Turmeric, a spice derived from the rhizome of the Curcuma longa plant, has long been recognized for its medicinal properties. The beneficial effects of turmeric include anti-inflammatory, antimicrobial, and antioxidant activity. Turmeric is composed of approximately two to five percent curcumin, its most active component, commonly found in supplement form. However, research has found that several of the health benefits of this spice occur independently of curcumin, which suggests there may be additional benefits to consuming whole turmeric. (18)
6. Mushrooms — oysters, enokis, shiitakes, honey browns, and white buttons
Mushrooms are rich in selenium, B vitamins, copper, phenols, and other antioxidants that provide anti-inflammatory protection against inflammatory conditions such as inflammatory bowel disease (IBD). (8)(13)(37)
Did you know? Mushrooms can be a great way to lower inflammation naturally — but only if you don’t overcook them! Studies have shown that overcooking mushrooms can reduce the power of its anti-inflammatory compounds drastically. To reap the anti-inflammatory effects of mushrooms, aim to eat them lightly cooked or raw. (17)
7. Salmon and other fatty fish
Salmon, a commonly-consumed fatty fish, is an excellent source for protein as well as long-chain omega-3 fatty acids eicosapentaenoic acid (EPA) and docosahexaenoic acid (DHA). EPA and DHA have been shown to have strong anti-inflammatory properties once your body metabolizes the acids into compounds called protectins and resolvins. (44) To reap the anti-inflammatory effects of salmon, aim to have it once a week for at least eight weeks in a row. (15)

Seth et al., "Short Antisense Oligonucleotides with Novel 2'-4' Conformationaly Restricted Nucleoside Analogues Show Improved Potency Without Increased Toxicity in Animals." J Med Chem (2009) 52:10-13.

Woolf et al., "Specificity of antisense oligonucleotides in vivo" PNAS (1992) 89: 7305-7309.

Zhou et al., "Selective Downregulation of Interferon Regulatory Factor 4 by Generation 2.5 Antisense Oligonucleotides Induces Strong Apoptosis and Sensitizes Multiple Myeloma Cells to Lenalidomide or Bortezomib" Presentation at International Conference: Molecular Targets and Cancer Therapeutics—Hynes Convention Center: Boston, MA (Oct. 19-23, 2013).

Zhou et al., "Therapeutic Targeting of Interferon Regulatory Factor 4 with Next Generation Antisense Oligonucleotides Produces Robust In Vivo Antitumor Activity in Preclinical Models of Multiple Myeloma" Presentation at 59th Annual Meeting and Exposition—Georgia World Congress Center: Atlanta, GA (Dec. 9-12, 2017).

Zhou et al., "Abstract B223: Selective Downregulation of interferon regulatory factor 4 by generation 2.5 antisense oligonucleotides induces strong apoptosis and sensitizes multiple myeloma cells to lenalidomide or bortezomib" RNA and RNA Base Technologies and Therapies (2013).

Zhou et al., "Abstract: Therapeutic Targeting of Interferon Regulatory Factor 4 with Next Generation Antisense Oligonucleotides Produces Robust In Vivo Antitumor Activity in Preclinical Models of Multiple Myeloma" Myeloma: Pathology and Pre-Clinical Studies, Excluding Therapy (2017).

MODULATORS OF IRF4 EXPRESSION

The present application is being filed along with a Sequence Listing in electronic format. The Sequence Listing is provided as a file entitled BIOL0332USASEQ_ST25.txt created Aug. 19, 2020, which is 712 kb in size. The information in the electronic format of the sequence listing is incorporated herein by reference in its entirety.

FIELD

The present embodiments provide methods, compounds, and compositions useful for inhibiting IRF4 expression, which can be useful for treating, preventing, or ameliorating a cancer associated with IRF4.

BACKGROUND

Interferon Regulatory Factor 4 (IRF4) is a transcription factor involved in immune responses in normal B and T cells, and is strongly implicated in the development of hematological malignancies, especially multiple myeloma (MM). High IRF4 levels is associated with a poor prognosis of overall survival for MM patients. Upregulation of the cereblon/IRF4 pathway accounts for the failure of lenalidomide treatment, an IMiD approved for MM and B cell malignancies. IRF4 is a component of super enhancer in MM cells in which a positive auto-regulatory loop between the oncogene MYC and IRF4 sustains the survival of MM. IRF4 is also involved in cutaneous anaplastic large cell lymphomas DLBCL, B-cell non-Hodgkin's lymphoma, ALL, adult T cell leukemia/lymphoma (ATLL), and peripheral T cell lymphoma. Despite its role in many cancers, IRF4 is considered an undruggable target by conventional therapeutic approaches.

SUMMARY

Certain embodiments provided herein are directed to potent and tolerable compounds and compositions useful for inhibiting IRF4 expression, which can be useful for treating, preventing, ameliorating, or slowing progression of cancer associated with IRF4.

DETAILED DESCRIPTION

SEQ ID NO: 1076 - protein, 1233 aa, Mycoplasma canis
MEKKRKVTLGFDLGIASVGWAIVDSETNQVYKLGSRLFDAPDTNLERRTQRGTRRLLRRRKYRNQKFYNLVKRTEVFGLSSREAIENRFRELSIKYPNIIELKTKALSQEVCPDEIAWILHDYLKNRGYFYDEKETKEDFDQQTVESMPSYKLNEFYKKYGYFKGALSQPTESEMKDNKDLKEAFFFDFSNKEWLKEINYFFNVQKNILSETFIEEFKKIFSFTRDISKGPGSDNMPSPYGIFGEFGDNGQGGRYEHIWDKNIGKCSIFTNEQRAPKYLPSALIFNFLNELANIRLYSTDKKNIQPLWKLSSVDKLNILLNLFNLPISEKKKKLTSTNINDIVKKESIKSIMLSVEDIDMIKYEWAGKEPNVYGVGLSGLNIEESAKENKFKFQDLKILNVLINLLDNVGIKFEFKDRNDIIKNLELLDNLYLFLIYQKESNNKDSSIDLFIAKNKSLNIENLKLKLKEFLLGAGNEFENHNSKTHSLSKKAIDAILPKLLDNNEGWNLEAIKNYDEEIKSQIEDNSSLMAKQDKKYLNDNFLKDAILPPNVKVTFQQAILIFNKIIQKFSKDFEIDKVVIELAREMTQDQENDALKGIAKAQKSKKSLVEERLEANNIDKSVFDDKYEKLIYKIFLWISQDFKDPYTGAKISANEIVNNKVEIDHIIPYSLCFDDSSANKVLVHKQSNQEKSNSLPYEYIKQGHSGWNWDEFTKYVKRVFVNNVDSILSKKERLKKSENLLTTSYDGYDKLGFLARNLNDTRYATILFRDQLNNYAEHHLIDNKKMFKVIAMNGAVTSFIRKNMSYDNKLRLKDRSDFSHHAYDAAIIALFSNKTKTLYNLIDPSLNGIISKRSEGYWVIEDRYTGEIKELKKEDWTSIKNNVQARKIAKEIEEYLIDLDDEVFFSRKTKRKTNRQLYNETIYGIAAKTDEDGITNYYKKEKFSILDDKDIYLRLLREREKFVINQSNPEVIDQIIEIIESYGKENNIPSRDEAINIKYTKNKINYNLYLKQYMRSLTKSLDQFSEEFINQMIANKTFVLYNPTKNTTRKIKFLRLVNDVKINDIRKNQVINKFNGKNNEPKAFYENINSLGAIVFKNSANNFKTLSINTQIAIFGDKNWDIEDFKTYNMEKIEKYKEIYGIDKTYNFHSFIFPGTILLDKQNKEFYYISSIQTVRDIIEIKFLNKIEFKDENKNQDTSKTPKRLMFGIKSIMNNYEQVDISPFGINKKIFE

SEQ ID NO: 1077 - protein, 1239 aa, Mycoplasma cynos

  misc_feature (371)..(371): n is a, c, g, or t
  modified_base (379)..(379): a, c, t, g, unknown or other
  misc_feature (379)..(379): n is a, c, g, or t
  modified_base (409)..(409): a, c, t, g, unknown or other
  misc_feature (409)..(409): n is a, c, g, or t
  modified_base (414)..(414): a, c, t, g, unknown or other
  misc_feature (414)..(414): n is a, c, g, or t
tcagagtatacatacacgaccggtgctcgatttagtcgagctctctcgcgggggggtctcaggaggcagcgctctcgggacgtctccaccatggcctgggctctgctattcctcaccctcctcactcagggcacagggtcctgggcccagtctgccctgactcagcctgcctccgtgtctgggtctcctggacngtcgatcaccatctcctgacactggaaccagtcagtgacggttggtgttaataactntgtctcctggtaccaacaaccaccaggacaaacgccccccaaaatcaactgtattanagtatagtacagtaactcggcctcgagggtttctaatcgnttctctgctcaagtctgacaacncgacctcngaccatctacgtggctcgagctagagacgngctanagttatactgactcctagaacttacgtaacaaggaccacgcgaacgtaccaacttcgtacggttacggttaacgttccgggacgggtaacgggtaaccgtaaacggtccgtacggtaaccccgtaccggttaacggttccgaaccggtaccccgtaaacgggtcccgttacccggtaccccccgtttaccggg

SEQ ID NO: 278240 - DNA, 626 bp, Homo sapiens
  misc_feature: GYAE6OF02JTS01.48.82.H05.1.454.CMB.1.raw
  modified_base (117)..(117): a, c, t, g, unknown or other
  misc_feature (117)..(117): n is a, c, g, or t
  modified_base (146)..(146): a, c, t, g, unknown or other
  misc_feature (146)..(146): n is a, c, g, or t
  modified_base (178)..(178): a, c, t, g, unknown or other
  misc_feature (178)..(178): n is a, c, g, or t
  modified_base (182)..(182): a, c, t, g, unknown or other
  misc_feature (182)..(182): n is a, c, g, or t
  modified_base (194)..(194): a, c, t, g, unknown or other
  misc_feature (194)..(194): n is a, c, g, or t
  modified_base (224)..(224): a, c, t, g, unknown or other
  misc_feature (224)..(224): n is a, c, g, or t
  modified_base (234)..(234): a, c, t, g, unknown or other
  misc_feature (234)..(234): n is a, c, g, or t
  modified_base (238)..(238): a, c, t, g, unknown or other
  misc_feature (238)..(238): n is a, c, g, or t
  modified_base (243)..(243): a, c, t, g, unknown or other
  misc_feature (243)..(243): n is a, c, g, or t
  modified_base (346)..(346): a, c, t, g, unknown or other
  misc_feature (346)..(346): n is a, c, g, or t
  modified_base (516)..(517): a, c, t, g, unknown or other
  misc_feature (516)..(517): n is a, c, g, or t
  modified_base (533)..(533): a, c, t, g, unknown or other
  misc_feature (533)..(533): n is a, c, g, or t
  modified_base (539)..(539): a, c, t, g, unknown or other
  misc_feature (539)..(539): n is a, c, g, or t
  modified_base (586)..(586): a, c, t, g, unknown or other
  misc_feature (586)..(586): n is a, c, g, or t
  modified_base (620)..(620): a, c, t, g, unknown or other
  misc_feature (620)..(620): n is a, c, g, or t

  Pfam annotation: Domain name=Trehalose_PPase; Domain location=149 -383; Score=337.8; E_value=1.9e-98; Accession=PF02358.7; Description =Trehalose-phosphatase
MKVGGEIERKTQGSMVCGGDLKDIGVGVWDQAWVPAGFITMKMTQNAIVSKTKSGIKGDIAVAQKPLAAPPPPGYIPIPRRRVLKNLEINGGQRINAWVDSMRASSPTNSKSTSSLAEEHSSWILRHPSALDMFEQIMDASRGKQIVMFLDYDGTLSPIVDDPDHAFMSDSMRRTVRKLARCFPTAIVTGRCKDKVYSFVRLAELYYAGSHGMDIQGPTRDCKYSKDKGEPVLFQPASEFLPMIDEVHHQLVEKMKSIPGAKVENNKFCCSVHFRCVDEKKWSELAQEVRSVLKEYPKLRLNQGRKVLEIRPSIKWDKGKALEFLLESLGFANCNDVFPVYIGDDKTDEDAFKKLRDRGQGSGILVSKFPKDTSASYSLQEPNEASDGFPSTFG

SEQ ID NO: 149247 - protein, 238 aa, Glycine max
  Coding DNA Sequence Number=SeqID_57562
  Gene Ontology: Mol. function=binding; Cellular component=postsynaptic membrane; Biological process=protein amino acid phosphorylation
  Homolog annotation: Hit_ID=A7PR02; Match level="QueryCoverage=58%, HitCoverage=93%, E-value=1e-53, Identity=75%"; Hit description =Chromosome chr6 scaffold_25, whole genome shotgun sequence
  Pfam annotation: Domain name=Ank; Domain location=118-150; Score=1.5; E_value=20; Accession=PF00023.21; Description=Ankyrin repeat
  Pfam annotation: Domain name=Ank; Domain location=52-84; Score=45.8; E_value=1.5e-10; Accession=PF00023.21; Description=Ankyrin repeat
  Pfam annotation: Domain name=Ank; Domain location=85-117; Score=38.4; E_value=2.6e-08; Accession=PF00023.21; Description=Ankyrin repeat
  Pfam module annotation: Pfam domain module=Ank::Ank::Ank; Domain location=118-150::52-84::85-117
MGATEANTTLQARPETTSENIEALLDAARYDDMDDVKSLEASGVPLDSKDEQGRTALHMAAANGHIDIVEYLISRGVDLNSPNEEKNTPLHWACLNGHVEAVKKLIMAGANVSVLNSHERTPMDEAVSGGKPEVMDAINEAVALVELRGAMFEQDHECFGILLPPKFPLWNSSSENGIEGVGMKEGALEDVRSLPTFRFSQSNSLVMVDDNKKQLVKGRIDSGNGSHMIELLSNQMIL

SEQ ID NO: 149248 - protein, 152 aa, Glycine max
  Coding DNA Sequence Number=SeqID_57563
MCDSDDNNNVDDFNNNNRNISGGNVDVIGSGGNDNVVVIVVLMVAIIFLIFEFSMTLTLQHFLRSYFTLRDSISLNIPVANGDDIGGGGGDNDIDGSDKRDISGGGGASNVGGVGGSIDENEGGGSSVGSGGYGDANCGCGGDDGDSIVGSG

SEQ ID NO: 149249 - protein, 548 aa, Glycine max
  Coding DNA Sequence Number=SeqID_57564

Not a salmon lover? Other cold-water fatty fish that provide high levels of anti-inflammatory omega-3 fatty acids include:
- Mackerel (35)
8. Lentils and kale
If you are looking for a meal that is a one-stop-shop for all things micronutrients, then whip up something with lentils and kale! Studies have shown that the combination of lentils and kale is particularly effective and complementary when it comes to combating inflammation — being they are both jam-packed with phytonutrients, minerals, and other vitamins. (34)(36)
9. Dark chocolate and cocoa
Dark chocolate and all things cocoa are not only delicious, but they are also nutritious! The cocoa found in chocolate is full of antioxidants, which can help reduce inflammation in the body —and quickly. In one study, smokers who drank a cocoa drink experienced a significant improvement in endothelial function a mere two hours after ingestion. (20) Endothelial cells line the arteries and play a role in regulating inflammation throughout circulation. (32)
To get the most anti-inflammatory health benefits from your chocolate, try and opt for a bar of dark chocolate that contains 70% cocoa or higher. (27) A diet high in sugar has been shown to increase inflammation, so it’s important to look for chocolate with as little sugar as you can find. (36)
Broccoli is an absolute nutritional dynamo that deserves the title of superfood. Studies have shown that eating this cruciferous vegetable regularly is associated with a decreased risk of heart disease and certain cancers. It’s also one of the best natural sources for sulforaphane — a powerful antioxidant with notable anti-inflammatory properties. (16)(21)(45)